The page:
Help Wordnik hunt for a million missing words by backing our Kickstarter!


from Wiktionary, Creative Commons Attribution/Share-Alike License

  • n. (slang) a rumour, or an erroneous or improbable story.


From Furphy ("a surname"). The firm of Furphy and Sons (still in business today) manufactured and supplied water carts[2] to the Australian Imperial Force in Egypt during World War I. Soldiers stood around these and talked, exchanging rumours and news. The manufacturer's name, which was emblazoned on the carts, was soon adopted for unreliable information or speculation. [3] (Wiktionary)



Log in or sign up to get involved in the conversation. It's quick and easy.

  • Australian idiom: misleading information, a rumour, unsubstantiated idea.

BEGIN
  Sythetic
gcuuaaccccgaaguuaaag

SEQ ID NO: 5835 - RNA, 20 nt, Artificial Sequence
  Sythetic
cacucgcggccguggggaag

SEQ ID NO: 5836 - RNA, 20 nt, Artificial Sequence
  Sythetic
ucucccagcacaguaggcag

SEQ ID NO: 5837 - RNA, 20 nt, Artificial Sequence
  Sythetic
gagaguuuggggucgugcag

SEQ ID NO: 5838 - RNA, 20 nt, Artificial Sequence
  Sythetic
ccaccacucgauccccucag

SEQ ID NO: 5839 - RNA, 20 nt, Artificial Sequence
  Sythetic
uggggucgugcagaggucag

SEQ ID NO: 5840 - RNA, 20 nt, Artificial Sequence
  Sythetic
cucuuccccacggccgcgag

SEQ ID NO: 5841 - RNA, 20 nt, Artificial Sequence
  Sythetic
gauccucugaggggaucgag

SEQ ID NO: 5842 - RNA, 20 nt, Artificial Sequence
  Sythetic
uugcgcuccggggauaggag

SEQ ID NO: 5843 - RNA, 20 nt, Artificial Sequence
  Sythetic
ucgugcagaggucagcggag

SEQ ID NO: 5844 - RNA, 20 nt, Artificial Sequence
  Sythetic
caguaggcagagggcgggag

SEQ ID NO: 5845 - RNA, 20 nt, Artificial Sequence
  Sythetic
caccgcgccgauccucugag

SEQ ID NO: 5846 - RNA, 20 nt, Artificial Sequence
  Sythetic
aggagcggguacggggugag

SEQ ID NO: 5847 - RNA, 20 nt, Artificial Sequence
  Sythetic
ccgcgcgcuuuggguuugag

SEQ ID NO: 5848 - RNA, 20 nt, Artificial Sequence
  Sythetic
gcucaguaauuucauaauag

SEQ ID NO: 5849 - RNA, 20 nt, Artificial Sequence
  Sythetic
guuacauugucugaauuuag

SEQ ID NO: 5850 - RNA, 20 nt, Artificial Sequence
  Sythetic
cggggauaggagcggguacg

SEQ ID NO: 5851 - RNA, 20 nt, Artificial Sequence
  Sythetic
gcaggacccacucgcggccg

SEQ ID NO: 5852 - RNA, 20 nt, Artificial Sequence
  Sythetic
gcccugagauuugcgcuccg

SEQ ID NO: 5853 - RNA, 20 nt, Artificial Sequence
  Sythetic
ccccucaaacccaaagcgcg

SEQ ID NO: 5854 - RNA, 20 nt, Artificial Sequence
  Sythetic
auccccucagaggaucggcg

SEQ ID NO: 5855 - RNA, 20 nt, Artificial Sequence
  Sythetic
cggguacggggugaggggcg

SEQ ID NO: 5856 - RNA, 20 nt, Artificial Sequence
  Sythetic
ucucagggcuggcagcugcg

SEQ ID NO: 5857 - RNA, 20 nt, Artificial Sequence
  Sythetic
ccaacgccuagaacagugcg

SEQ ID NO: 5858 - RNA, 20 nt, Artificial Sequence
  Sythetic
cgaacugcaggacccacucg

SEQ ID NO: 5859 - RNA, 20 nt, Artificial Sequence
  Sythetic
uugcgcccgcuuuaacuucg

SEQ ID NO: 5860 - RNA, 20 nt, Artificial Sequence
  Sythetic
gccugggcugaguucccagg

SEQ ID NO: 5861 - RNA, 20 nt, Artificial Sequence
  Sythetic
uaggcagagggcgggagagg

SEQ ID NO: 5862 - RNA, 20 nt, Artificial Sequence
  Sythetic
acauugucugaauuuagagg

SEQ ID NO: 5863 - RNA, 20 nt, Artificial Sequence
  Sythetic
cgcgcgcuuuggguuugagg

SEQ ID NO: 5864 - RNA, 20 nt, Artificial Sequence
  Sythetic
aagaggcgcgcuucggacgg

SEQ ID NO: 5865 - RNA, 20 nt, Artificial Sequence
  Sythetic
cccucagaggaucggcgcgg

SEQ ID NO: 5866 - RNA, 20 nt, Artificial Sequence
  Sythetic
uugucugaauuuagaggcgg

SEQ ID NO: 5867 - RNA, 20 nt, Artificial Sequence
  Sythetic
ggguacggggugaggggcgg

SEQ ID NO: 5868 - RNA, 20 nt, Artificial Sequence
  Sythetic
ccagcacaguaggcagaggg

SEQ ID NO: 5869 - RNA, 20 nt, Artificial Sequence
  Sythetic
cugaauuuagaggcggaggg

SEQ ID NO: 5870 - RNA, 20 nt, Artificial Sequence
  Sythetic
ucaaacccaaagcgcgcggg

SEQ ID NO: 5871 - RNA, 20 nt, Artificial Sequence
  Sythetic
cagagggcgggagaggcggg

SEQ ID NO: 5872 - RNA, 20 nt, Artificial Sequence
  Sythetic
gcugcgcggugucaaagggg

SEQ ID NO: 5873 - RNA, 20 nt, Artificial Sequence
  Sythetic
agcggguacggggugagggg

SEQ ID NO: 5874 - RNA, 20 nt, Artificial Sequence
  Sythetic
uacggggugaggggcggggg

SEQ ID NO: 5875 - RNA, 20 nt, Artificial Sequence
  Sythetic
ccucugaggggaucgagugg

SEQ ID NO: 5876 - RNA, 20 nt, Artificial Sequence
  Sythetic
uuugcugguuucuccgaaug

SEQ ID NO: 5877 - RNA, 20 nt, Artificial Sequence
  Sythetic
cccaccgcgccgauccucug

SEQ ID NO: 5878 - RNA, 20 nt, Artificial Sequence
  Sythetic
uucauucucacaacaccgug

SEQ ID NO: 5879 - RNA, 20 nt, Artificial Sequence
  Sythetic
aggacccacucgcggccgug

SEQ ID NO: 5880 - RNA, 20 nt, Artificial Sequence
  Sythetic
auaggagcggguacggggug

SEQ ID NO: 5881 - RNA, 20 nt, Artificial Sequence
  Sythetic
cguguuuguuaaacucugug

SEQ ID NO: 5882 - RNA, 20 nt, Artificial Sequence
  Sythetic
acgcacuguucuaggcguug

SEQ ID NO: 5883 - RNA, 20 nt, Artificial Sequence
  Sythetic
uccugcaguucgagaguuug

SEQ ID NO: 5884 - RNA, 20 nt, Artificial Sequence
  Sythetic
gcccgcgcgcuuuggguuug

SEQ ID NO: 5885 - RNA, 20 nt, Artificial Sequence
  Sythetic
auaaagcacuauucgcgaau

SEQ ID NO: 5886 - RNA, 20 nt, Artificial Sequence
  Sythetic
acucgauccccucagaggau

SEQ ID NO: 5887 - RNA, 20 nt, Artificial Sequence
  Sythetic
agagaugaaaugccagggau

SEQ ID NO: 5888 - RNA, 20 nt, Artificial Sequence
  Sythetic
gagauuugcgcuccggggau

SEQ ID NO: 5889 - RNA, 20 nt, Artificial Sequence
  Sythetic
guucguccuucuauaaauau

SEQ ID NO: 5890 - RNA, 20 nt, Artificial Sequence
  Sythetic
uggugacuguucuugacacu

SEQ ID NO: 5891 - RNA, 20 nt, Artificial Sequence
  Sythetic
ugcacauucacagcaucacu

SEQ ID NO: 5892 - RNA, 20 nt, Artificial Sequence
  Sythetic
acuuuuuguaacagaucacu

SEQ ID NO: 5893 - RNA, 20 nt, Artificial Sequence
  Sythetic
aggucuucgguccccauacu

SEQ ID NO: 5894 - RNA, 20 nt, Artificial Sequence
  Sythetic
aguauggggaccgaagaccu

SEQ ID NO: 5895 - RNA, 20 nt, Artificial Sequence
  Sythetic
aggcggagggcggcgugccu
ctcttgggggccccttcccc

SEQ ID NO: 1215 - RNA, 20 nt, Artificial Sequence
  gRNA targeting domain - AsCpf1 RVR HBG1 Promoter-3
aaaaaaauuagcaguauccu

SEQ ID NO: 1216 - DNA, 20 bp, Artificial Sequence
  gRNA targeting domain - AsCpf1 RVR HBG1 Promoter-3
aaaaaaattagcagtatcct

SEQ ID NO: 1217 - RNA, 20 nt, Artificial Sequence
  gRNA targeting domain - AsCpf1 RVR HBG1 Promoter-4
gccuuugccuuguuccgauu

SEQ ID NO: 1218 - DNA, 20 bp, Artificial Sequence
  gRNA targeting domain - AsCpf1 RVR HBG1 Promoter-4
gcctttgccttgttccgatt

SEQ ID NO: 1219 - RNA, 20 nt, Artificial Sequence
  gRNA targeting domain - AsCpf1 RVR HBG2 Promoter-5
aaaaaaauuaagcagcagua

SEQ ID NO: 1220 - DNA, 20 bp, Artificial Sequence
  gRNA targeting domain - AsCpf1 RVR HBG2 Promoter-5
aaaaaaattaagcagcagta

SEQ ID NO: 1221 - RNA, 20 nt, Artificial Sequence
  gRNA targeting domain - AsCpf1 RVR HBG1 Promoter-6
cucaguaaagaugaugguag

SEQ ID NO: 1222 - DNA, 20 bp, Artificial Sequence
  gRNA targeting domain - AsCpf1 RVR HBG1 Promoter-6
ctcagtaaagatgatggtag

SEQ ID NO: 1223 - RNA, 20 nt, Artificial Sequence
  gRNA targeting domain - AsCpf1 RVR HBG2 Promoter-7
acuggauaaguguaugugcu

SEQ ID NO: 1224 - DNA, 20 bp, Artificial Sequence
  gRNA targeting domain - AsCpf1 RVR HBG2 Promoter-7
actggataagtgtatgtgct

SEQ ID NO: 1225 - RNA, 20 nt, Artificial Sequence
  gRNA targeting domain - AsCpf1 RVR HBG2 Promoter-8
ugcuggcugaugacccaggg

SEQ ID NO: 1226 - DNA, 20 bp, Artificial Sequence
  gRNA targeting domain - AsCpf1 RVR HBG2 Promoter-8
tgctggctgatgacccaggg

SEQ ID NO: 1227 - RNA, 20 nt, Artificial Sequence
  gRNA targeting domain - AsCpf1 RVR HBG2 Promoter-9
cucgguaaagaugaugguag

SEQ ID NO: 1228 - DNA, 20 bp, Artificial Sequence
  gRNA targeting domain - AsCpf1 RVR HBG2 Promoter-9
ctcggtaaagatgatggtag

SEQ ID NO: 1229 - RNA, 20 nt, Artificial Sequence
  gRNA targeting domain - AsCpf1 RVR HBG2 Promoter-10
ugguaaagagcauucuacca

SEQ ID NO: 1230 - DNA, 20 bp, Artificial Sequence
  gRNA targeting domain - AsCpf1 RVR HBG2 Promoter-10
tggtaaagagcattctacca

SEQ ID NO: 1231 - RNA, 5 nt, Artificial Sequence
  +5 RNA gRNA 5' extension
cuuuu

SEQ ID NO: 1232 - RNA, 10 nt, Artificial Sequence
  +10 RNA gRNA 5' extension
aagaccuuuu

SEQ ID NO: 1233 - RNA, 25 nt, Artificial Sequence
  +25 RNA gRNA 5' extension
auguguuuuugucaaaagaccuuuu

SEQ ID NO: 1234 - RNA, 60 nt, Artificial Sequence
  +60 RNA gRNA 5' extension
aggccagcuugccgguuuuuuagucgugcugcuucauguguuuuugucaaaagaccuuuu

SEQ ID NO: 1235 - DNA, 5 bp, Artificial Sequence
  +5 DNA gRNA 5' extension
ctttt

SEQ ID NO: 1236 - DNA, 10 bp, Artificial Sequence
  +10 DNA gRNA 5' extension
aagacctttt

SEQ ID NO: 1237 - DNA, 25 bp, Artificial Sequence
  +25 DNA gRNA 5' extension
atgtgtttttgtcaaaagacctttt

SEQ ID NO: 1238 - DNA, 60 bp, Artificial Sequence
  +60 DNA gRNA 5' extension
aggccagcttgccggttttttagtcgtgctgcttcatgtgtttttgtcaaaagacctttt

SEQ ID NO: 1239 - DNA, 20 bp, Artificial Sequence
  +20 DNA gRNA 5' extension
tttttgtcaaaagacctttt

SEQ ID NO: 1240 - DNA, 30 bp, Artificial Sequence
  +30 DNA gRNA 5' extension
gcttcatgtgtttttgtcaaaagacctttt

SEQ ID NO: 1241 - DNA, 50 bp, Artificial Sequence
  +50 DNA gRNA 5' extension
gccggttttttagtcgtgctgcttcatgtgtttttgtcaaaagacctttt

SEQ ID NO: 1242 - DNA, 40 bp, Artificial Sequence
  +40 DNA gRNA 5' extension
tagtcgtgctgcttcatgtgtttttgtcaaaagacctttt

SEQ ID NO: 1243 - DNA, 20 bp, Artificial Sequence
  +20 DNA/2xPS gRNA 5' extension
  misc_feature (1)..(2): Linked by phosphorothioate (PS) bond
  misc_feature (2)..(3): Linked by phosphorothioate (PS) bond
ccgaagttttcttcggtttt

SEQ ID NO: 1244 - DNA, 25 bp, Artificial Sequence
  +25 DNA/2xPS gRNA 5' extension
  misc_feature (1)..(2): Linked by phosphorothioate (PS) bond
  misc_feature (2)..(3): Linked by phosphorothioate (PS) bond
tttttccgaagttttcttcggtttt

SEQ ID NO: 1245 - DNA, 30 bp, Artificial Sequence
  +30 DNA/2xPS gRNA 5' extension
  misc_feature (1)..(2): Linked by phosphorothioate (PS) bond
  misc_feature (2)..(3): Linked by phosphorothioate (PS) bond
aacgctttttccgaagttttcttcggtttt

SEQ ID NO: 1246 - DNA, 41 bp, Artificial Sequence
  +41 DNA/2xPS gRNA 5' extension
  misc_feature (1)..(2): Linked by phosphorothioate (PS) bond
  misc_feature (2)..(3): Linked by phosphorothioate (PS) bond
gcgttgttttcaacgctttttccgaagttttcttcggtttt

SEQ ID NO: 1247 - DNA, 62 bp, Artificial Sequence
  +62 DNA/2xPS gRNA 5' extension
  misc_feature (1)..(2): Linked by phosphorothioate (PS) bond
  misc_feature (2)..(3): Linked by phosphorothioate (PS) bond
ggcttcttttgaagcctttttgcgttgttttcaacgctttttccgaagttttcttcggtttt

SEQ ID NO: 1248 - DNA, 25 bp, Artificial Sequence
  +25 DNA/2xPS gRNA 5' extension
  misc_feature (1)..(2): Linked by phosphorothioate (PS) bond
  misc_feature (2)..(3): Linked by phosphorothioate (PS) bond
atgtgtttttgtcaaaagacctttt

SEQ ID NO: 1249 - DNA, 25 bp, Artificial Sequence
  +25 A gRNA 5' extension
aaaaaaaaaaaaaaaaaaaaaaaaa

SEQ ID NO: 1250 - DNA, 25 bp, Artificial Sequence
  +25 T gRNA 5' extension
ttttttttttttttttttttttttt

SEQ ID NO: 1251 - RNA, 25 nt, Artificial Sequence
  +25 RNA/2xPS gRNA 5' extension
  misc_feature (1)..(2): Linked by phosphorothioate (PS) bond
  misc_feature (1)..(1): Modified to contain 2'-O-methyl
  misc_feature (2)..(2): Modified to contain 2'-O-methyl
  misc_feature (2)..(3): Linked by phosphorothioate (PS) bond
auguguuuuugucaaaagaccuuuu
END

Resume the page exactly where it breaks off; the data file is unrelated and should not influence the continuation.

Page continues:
Origin: Manufacturer's name embossed on cast-iron water carts used to supply front-line troops in WW1. Solders congregated to draw rations and swap rumours.

    June 15, 2009

  • Commonly accepted derivation (courtesy wikipedia):
    "…from water carts made by a company established by John Furphy: J. Furphy & Sons of Shepparton, Victoria. Many Furphy water carts were used to take water to Australian Army personnel during World War I. The carts, with "J. Furphy & Sons" written on their tanks, became popular as gathering places where soldiers could exchange gossip, rumours and fanciful tales."

    April 25, 2008

  • Very Australian, this one. Often used in reference to a rumour that is simply not true.

    eg. "A new airport? It's a complete furphy."

    November 21, 2007